Professor of Mathematics at California State University Long Beach, Dr. James D. Stein, shared his scientific perspective on various phenomena that have been labeled as paranormal or supernatural. "I realized there were a lot of scientists both past and present who had an interest in the paranormal and supernatural," and many of them had unexplained experiences themselves, he said. Brian Josephson, who won the Nobel Prize for Physics, is a believer in telepathy, and has written papers on the relationship between the paranormal and quantum mechanics, Stein recounted. In a survey of college professors in 1994, he continued, 55% of the natural science professors believed that ESP was already established or very likely.
Back in 1929, Upton Sinclair wrote a book about his wife's experiments with telepathy called Mental Radio, and Albert Einstein penned the foreward. "The results of the telepathic experiments carefully and plainly set forth in this book stand surely far beyond those which a nature investigator holds to be thinkable," he wrote. Einstein was saying that telepathy operates on forces that science has not yet discovered, in contrast to gravity and electromagnetism which seem to fall off with distance, Stein explained. According to most paranormal researchers, PSI forces seem to be independent of time and distance, "and that's very unlike anything Einstein had encountered in his dealings with physics," he commented.
Stein believes that telepathy is almost certain to be established at some time in the future, via advancing technology in the field of brain imaging, detailing electromagnetic patterns. He also discussed the idea that in an infinite universe, there are certain scientific laws that could play a role in unexplained phenomena, yet be impossible to discover or prove. Such phenomena are legitimately supernatural because they are beyond the scope of science or any intelligence to ascertain, he contended. Stein also touched on such subjects as life-after-death, astrology, numerology, wormhole travel, and parallel universes.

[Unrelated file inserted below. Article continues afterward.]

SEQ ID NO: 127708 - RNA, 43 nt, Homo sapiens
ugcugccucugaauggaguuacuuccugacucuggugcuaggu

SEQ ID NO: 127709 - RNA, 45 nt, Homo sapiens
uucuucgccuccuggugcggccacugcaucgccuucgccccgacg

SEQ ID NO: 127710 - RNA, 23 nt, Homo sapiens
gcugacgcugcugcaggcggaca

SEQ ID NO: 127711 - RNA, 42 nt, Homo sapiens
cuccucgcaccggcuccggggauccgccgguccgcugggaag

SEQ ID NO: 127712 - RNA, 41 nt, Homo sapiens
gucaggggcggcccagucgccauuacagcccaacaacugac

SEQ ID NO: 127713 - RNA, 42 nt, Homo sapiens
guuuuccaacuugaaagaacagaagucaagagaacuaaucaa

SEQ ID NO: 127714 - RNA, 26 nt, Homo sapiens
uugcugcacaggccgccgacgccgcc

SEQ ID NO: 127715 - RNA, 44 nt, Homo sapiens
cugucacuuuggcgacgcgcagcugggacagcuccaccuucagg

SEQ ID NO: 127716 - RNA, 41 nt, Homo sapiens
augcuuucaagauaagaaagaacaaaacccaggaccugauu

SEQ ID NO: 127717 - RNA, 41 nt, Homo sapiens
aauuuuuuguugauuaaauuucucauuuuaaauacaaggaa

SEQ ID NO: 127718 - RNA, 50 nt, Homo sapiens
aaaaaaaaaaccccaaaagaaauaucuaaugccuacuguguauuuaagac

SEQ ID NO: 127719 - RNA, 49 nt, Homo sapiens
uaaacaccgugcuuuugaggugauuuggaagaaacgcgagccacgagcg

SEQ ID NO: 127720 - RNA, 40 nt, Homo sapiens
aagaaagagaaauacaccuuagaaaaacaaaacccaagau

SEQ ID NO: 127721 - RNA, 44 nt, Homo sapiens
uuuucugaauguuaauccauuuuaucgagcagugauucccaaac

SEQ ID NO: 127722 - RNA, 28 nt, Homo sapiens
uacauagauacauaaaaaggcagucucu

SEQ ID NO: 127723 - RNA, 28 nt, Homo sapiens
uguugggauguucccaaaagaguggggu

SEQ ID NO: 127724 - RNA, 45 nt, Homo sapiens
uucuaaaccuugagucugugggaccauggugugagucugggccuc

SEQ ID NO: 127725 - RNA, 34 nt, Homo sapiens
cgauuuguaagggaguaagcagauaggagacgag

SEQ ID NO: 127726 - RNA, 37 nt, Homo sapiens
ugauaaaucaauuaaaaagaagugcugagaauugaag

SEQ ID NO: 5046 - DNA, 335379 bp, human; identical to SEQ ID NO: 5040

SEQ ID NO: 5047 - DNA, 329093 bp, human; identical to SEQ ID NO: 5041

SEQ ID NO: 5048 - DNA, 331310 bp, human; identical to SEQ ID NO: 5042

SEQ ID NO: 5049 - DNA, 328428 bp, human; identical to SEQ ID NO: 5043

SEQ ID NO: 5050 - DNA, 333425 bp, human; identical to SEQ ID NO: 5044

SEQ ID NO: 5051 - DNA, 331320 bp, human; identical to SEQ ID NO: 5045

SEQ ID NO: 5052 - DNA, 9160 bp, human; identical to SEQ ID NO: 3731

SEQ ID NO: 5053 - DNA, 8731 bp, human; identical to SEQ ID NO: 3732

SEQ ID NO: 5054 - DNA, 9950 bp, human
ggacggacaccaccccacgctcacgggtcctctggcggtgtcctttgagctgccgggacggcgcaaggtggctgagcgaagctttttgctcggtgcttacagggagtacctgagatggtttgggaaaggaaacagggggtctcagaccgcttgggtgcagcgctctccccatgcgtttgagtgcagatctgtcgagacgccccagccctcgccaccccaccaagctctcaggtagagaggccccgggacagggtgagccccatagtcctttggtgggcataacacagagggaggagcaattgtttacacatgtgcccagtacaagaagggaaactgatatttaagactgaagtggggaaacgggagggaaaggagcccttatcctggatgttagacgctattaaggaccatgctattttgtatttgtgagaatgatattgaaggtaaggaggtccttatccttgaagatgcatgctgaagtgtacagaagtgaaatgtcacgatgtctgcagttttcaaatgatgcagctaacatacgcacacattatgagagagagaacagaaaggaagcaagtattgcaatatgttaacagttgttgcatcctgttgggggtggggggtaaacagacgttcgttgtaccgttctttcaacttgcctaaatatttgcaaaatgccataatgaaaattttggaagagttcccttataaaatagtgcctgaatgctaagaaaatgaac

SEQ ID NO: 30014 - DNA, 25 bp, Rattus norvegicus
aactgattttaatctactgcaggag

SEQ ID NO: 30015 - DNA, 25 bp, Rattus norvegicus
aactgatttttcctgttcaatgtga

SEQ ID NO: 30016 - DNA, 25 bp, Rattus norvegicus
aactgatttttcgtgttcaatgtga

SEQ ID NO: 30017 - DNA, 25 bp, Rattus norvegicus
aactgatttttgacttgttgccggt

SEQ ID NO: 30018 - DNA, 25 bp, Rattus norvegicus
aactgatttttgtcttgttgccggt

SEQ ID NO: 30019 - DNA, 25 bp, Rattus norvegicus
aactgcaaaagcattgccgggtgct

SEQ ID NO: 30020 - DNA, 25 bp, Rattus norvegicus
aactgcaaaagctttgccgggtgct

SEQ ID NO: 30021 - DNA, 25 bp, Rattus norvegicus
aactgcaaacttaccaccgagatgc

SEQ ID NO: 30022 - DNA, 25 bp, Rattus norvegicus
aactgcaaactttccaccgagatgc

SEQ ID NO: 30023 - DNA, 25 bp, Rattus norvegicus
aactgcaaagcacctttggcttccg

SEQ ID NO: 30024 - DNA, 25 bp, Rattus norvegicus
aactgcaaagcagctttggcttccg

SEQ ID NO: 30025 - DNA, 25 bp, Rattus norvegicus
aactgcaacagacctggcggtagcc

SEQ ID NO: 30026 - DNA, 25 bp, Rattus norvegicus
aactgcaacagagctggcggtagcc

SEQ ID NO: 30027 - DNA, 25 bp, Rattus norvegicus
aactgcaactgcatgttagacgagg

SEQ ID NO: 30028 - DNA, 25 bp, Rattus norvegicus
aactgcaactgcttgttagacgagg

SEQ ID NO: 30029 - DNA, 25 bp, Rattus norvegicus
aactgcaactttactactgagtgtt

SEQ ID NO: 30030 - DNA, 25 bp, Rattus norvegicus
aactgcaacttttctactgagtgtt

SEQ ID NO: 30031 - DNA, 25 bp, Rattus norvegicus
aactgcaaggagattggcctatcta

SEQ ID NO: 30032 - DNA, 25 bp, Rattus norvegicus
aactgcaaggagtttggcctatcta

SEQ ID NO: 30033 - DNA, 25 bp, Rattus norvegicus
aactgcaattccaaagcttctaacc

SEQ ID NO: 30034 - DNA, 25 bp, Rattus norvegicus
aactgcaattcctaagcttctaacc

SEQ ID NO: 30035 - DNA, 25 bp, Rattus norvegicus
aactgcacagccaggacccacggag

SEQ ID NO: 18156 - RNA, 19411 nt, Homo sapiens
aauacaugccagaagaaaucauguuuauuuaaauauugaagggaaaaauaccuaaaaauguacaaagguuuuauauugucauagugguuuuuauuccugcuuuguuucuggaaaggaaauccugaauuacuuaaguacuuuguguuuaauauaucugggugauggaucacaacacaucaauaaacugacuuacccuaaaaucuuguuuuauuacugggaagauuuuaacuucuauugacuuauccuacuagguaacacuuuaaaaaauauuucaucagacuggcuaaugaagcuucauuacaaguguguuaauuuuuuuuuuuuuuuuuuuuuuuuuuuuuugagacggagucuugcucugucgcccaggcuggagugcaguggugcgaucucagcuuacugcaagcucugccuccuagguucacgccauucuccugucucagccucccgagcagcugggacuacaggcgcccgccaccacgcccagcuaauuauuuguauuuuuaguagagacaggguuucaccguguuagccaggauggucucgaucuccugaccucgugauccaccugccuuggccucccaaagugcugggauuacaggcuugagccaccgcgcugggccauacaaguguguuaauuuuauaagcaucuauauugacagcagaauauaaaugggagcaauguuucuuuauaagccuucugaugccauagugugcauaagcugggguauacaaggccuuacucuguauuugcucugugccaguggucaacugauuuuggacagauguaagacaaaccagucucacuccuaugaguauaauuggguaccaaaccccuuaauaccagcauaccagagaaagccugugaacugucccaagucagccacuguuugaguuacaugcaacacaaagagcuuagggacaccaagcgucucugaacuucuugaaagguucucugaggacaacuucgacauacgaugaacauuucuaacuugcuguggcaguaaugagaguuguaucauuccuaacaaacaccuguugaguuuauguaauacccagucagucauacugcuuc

First half-hour guest, maverick physicist James McCanney spoke about the coming of Comet ISON in 2013, which is predicted to be 15 times brighter than the full moon by November, and could be immense in size. Though there is no danger it will hit Earth, he noted, it may have some effect on weather. He also addressed water issues, suggested that water melting from ice caps and glaciers could be harvested and used in areas of need.
News segment guest: Catherine Austin Fitts